2. No air filtration
  3. No nitric oxide release from paranasal sinuses (which have anti-viral, bacterial qualities)
  4. Air delivered with lower Oxygen saturation and into the higher parts of the lungs. Oxygen inhalation is more shallow
  5. Causes very negative distortion in your jaws, crowding of teeth, retrusion of the lower jaw which will increase the likelihood of sleep disordered breathing.

Sleep disordered breathing in children creates a much greater risk for children to develop behavioral issues such as:

  • ADD/ADHD
  • anxiety
  • depression
  • lowering of the IQ (due to chronic hypoxia)

Now, here is an additional characteristic of Nitric Oxide which has application to Covid-19.

Nitric Oxide has anti-viral, anti-bacterial, and anti-fungal properties that give your body increased resistance to many diseases and maladies.

There is a study going on right now to determine if Covid-19 affects a disproportionate percentage of chronic mouth breathers vs. nose breathers. I think we will find that people who breathe through their noses are healthier and more resistant to ALL diseases. After all, someone breathing through the nose is going to take in more highly saturated oxygen than a mouth breather. It’s not even close. They will sleep better and get more replenishing sleep. Make no mistake, Oxygen is the most important nutrient for the body. We can’t be without it for more than a couple minutes without developing brain damage. Why then wouldn’t we fight for the highest and most sustainable oxygen quality we can find.

Chronic mouth breathing has a profoundly negative impact on general health. If you are a chronic mouth breather your teeth will crowd, your upper arch form will narrow, your lower jaw will drop back and your likelihood of TMJ and sleep apnea will go up dramatically. Someone with sleep apnea is 23X more likely to have a heart attack. Stroke risk increases.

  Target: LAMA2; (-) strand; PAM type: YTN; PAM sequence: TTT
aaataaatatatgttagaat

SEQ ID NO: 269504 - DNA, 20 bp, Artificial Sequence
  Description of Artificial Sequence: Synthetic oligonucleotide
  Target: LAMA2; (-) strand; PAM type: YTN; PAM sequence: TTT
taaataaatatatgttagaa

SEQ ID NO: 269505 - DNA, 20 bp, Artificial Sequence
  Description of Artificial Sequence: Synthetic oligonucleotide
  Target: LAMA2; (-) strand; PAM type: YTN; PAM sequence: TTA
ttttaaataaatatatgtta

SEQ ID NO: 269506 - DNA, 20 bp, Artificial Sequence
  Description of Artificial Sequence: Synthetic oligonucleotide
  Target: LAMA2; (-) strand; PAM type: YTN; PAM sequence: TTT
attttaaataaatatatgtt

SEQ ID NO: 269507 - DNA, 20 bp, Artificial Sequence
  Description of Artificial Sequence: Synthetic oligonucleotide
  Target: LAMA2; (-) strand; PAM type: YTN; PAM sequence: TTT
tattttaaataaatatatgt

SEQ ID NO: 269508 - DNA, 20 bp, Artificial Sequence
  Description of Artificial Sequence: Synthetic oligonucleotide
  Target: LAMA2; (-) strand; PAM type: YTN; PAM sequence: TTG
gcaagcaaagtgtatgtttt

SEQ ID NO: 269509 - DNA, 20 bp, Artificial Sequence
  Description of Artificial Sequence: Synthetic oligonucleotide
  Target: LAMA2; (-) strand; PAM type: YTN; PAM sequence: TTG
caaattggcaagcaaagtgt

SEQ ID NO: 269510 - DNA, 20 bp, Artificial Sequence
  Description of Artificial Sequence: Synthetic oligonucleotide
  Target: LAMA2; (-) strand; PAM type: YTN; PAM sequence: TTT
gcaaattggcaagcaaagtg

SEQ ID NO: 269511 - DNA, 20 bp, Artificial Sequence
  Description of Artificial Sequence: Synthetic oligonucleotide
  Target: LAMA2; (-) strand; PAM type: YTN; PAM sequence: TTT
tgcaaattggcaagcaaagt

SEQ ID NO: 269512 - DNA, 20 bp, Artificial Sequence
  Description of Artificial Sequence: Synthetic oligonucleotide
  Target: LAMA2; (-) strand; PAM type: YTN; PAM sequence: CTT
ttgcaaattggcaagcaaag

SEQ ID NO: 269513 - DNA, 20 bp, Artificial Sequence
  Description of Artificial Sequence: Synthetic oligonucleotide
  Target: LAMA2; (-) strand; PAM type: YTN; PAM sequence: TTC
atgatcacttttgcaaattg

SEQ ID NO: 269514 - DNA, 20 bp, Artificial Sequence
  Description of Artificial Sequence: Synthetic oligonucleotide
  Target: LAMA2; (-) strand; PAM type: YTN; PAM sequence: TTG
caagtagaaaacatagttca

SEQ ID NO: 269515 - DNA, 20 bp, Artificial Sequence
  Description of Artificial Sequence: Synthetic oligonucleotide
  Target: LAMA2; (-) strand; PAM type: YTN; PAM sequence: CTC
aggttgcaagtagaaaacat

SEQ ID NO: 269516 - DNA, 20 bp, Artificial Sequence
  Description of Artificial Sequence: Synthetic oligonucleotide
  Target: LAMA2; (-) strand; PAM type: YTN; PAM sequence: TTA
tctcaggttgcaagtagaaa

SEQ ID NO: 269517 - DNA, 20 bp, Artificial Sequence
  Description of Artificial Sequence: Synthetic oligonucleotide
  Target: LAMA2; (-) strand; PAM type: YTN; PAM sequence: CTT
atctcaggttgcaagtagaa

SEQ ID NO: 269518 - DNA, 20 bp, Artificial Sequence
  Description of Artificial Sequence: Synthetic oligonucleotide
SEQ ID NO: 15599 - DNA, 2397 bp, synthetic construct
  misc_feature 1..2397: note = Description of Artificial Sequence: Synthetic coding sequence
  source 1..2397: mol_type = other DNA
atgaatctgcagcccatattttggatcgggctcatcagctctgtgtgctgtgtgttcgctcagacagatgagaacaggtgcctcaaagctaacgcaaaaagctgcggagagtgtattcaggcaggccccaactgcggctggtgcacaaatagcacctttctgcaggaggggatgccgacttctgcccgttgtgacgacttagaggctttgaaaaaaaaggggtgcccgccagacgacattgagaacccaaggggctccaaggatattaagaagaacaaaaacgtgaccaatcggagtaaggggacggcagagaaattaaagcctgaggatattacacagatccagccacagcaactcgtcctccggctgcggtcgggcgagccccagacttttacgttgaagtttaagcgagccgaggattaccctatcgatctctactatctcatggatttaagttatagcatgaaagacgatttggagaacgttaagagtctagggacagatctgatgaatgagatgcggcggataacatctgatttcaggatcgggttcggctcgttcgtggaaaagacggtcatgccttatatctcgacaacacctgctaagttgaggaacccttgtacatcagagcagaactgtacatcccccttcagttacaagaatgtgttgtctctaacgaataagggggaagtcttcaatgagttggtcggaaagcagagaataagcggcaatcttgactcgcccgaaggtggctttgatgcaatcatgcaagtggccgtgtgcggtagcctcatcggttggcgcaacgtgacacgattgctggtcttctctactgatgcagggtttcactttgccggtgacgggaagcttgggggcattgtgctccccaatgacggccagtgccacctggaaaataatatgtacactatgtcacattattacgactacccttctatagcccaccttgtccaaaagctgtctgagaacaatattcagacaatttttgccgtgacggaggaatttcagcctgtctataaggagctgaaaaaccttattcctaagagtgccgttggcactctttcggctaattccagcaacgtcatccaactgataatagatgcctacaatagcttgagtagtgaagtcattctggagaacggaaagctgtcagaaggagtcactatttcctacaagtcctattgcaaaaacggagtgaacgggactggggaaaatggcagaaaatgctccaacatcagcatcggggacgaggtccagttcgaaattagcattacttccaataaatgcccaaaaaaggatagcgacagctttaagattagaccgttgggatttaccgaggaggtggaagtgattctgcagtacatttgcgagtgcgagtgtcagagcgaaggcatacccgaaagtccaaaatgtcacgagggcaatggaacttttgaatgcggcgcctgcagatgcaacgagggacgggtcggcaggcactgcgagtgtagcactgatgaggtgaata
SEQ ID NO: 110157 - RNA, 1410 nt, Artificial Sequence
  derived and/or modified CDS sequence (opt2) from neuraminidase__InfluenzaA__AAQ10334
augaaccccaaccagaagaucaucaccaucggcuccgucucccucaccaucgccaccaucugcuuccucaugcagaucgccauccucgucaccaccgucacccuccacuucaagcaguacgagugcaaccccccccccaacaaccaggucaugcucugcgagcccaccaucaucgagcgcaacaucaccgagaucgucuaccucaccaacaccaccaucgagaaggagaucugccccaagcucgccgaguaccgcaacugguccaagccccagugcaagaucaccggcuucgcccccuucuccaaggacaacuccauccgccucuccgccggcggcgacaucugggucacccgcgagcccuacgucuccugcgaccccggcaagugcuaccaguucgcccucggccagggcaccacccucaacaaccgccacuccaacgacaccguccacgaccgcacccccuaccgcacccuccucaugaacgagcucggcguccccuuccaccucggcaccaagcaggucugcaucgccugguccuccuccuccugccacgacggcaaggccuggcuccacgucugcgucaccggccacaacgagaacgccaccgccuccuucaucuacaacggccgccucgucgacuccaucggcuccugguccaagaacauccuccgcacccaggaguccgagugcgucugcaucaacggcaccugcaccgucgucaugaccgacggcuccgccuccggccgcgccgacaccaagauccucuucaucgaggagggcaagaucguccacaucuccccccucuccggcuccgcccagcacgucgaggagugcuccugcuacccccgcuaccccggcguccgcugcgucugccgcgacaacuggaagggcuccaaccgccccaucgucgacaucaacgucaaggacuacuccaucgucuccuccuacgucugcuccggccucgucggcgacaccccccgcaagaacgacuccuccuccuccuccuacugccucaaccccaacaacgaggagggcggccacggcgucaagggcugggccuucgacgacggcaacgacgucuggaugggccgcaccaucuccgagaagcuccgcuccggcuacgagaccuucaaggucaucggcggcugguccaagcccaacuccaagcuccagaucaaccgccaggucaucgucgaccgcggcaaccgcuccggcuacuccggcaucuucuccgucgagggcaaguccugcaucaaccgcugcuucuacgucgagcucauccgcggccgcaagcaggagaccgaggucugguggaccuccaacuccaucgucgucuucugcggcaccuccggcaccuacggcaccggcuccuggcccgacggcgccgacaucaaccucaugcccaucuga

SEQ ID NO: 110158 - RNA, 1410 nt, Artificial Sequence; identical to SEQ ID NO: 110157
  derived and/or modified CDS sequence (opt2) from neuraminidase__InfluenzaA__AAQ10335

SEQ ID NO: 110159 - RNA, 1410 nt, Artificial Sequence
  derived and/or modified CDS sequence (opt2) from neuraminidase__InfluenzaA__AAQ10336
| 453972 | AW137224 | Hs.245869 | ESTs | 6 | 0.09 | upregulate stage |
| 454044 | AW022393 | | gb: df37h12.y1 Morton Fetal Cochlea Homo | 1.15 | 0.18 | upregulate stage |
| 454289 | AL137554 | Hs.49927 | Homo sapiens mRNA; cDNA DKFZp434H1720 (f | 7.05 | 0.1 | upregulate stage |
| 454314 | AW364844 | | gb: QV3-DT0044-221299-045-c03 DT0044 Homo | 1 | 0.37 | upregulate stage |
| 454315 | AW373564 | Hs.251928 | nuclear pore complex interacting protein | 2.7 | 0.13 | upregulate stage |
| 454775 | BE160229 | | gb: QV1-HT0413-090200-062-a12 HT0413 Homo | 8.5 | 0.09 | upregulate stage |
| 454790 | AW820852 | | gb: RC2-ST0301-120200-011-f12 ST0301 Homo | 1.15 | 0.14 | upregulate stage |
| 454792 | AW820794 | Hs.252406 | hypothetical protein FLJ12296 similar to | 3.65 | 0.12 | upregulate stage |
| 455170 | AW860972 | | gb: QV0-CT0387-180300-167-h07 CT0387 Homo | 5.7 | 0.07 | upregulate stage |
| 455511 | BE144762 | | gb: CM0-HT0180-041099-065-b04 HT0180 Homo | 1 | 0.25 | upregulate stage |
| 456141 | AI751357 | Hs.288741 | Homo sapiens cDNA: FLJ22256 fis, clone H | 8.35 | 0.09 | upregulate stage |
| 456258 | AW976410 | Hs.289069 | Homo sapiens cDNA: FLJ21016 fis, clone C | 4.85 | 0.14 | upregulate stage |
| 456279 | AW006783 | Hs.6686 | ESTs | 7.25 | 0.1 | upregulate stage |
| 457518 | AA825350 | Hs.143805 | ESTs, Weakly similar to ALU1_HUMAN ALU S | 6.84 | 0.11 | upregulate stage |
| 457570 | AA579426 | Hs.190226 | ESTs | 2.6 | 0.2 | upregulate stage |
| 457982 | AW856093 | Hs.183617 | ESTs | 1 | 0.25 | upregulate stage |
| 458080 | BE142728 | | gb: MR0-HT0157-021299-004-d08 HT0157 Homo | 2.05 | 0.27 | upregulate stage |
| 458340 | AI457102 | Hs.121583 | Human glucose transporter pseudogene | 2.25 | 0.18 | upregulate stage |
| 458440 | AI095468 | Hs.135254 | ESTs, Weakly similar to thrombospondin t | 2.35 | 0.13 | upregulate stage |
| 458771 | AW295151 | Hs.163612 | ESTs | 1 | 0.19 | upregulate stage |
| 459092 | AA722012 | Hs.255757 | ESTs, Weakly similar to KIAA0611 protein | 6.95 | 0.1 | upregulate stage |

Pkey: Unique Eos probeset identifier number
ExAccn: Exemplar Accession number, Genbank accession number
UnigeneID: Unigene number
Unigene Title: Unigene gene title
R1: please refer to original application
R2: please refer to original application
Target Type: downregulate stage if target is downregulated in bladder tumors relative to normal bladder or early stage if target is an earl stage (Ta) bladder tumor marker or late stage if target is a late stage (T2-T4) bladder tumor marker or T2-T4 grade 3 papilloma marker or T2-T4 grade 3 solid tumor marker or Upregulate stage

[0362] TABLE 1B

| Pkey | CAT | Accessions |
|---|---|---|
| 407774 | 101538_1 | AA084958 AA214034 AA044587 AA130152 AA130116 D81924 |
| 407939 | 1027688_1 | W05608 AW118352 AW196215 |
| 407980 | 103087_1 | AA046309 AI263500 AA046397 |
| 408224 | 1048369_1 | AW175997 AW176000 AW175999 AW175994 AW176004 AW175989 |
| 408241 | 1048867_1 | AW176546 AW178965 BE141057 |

I strongly recommend that if your child is a mouth breather (please observe them for open mouth posture and observe them at night for disturbed breathing) then take them to a pediatric ENT asap. It may be the best health decision you ever made for your child. In addition, see a Myofunctional Therapist to help your child develop proper oral posture. Our area has one of the foremost authorities on Myofuncitonal therapy in the country, Her name is Joy Moeller and she is in Pacific Palisades.

I feel strongly that we should be spending much more time with ENT’s and myofunctional therapists. Protect our jaws, protect our airways. There is probably nothing more valuable in your body than your airway. It brings life….make sure it is not obstructed and make sure that the air it carries has the highest saturation of oxygen. Make sure it is delivered through the nose!

Ways to become a nose breather:

  1. See an ENT (Ear, nose, and throat doctor)
  2. address allergies and enlarged tonsils
  3. use Breathe Rite strips and mouth tape
  4. expand narrow arch forms

Food for thought!

 

Posted on behalf of Bob Perkins, DDS

24955 Pacific Coast Highway, Ste. C100
Malibu, CA 90265

Phone: (310) 844-6589